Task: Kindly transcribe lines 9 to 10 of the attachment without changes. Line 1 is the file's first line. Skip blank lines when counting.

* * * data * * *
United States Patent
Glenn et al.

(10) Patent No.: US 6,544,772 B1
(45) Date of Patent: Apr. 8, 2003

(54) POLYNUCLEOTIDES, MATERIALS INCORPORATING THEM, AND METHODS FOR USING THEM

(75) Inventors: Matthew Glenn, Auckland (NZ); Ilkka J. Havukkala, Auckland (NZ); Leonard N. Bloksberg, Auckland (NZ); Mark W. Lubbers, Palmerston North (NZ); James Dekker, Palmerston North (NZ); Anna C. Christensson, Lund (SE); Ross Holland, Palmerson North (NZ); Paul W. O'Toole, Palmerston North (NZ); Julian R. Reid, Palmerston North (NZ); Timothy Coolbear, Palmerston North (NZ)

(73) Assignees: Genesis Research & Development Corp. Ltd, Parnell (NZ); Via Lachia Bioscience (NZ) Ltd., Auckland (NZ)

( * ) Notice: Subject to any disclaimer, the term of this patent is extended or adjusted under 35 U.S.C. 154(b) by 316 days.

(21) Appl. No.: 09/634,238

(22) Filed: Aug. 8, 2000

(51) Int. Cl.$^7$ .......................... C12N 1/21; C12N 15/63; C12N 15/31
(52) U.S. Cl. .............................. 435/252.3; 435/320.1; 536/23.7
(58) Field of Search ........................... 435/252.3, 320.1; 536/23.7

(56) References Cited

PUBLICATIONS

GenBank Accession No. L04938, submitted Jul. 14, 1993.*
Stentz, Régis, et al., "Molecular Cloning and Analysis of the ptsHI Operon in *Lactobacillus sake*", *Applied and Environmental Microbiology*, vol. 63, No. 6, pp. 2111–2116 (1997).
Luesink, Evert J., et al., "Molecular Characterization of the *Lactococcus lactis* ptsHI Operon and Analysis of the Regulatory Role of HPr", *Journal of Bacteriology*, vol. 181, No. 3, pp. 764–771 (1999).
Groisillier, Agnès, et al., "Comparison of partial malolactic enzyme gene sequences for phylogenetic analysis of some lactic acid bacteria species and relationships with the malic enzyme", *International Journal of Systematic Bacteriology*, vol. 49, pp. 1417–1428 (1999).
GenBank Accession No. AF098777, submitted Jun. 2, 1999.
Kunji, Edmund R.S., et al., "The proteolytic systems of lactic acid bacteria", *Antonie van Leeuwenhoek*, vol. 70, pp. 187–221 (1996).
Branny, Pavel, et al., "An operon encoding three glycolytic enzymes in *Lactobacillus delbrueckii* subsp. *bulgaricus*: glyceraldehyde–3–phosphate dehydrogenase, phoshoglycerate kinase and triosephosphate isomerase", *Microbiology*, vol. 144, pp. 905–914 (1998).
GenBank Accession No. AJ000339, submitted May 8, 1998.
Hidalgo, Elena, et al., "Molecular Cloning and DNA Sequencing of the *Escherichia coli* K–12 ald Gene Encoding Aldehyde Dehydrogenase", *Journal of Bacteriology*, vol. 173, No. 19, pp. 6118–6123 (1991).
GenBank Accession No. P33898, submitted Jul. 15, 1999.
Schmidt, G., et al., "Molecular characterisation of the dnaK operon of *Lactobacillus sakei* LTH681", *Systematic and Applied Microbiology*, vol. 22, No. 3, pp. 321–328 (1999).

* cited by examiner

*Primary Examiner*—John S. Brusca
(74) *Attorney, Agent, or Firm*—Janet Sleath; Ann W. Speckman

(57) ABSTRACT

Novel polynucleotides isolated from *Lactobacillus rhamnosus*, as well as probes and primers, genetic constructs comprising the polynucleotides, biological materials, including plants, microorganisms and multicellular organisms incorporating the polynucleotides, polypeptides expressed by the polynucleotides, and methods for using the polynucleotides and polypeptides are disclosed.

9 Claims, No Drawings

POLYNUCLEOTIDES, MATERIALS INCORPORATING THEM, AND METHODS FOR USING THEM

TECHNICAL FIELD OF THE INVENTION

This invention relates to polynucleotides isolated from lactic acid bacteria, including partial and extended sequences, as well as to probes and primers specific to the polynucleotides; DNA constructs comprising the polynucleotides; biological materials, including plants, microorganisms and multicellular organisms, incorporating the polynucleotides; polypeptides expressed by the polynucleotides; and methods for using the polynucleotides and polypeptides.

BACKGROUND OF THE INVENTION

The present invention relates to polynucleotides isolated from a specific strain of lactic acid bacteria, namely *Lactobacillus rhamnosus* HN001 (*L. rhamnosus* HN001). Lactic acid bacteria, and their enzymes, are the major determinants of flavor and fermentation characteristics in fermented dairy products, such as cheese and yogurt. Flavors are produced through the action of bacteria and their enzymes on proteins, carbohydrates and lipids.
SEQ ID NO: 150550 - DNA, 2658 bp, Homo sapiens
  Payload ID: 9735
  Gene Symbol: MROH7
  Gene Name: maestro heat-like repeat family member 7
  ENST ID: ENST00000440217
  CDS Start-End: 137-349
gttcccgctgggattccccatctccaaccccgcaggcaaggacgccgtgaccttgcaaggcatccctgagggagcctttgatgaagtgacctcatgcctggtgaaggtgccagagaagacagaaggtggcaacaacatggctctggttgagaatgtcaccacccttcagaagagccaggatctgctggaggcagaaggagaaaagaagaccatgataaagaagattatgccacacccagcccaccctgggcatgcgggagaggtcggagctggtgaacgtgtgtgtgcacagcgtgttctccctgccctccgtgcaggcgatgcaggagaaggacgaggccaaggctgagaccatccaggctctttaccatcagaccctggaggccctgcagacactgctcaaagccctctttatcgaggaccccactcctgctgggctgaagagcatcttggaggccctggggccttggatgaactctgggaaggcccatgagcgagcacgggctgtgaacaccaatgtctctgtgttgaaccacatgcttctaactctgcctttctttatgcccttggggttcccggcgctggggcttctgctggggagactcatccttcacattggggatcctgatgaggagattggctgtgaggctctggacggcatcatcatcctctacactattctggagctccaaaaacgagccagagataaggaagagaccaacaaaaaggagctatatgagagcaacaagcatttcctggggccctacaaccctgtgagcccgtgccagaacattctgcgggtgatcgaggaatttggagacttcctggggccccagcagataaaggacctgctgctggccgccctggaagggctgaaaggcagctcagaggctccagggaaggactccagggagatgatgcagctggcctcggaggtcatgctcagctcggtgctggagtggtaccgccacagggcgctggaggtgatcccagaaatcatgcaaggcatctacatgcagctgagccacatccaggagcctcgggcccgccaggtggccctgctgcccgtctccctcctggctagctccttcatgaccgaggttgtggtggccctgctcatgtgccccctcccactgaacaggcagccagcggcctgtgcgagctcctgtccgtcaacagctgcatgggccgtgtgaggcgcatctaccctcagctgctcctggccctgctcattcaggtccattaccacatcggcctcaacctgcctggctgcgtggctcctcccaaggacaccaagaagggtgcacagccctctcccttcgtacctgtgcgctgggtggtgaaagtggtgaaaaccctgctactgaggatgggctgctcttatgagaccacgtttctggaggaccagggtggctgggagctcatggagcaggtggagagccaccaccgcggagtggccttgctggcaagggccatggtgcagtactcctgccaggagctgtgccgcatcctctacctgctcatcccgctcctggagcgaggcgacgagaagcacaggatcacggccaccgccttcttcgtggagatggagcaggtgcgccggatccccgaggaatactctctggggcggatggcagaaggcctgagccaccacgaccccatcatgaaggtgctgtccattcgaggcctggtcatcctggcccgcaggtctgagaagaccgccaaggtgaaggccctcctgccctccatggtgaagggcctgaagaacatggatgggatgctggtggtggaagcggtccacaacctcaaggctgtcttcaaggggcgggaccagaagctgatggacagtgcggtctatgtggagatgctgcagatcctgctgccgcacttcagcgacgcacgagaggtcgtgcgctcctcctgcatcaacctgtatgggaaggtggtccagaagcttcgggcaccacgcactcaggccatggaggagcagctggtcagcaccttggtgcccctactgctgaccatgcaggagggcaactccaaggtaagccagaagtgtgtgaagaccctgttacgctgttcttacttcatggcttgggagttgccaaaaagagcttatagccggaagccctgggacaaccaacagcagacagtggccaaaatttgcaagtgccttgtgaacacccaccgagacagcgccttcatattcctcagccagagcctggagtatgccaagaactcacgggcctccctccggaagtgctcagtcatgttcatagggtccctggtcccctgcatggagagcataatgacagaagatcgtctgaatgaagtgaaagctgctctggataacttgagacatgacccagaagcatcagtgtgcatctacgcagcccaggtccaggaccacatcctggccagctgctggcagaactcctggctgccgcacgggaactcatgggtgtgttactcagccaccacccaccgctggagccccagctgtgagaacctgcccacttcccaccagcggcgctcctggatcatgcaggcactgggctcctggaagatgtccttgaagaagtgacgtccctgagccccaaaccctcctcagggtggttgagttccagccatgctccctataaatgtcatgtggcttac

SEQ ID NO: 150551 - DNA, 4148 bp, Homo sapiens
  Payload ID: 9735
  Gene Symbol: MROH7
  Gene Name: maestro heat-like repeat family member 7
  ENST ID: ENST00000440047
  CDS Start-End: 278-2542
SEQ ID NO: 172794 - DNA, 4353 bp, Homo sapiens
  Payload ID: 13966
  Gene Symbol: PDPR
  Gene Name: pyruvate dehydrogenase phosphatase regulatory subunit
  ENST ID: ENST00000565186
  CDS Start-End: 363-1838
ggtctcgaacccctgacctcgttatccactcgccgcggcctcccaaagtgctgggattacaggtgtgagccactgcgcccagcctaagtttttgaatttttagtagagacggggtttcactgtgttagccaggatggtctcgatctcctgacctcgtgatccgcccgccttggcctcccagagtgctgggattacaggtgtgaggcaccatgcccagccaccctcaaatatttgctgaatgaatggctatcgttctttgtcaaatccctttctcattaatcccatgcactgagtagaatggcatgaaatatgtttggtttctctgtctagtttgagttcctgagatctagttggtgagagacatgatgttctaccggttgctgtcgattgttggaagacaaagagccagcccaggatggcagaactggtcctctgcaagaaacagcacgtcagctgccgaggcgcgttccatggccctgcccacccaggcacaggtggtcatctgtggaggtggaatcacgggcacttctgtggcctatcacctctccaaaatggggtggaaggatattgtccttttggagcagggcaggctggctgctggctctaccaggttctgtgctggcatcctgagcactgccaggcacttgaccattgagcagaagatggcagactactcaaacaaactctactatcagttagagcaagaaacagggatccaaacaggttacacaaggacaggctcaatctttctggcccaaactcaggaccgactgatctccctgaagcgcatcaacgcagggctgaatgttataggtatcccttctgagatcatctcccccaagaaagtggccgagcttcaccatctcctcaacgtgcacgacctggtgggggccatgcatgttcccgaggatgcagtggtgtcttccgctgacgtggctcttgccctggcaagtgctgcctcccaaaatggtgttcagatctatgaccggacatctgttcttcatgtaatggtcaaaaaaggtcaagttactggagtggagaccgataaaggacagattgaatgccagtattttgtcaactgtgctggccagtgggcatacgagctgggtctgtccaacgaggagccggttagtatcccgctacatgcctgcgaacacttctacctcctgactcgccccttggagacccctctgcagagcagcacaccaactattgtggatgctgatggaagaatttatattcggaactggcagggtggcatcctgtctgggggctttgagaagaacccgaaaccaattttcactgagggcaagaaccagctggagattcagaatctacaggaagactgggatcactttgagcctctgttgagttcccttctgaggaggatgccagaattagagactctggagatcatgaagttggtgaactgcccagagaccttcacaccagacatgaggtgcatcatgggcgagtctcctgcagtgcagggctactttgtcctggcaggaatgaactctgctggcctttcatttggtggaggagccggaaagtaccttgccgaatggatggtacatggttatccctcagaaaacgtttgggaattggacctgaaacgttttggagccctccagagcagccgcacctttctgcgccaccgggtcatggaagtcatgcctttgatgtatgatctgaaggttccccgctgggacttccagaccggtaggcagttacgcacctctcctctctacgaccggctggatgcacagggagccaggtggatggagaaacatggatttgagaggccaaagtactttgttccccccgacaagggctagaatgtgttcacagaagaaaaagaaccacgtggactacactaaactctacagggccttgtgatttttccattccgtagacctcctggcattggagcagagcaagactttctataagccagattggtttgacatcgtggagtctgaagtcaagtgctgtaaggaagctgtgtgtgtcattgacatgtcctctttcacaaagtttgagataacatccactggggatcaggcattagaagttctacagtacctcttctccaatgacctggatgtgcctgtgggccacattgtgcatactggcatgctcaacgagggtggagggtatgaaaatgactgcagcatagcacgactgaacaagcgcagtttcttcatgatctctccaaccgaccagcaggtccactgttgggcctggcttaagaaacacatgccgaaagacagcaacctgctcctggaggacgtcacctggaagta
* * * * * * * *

(21) Appl. No.: 09/634,238

(22) Filed: Aug. 8, 2000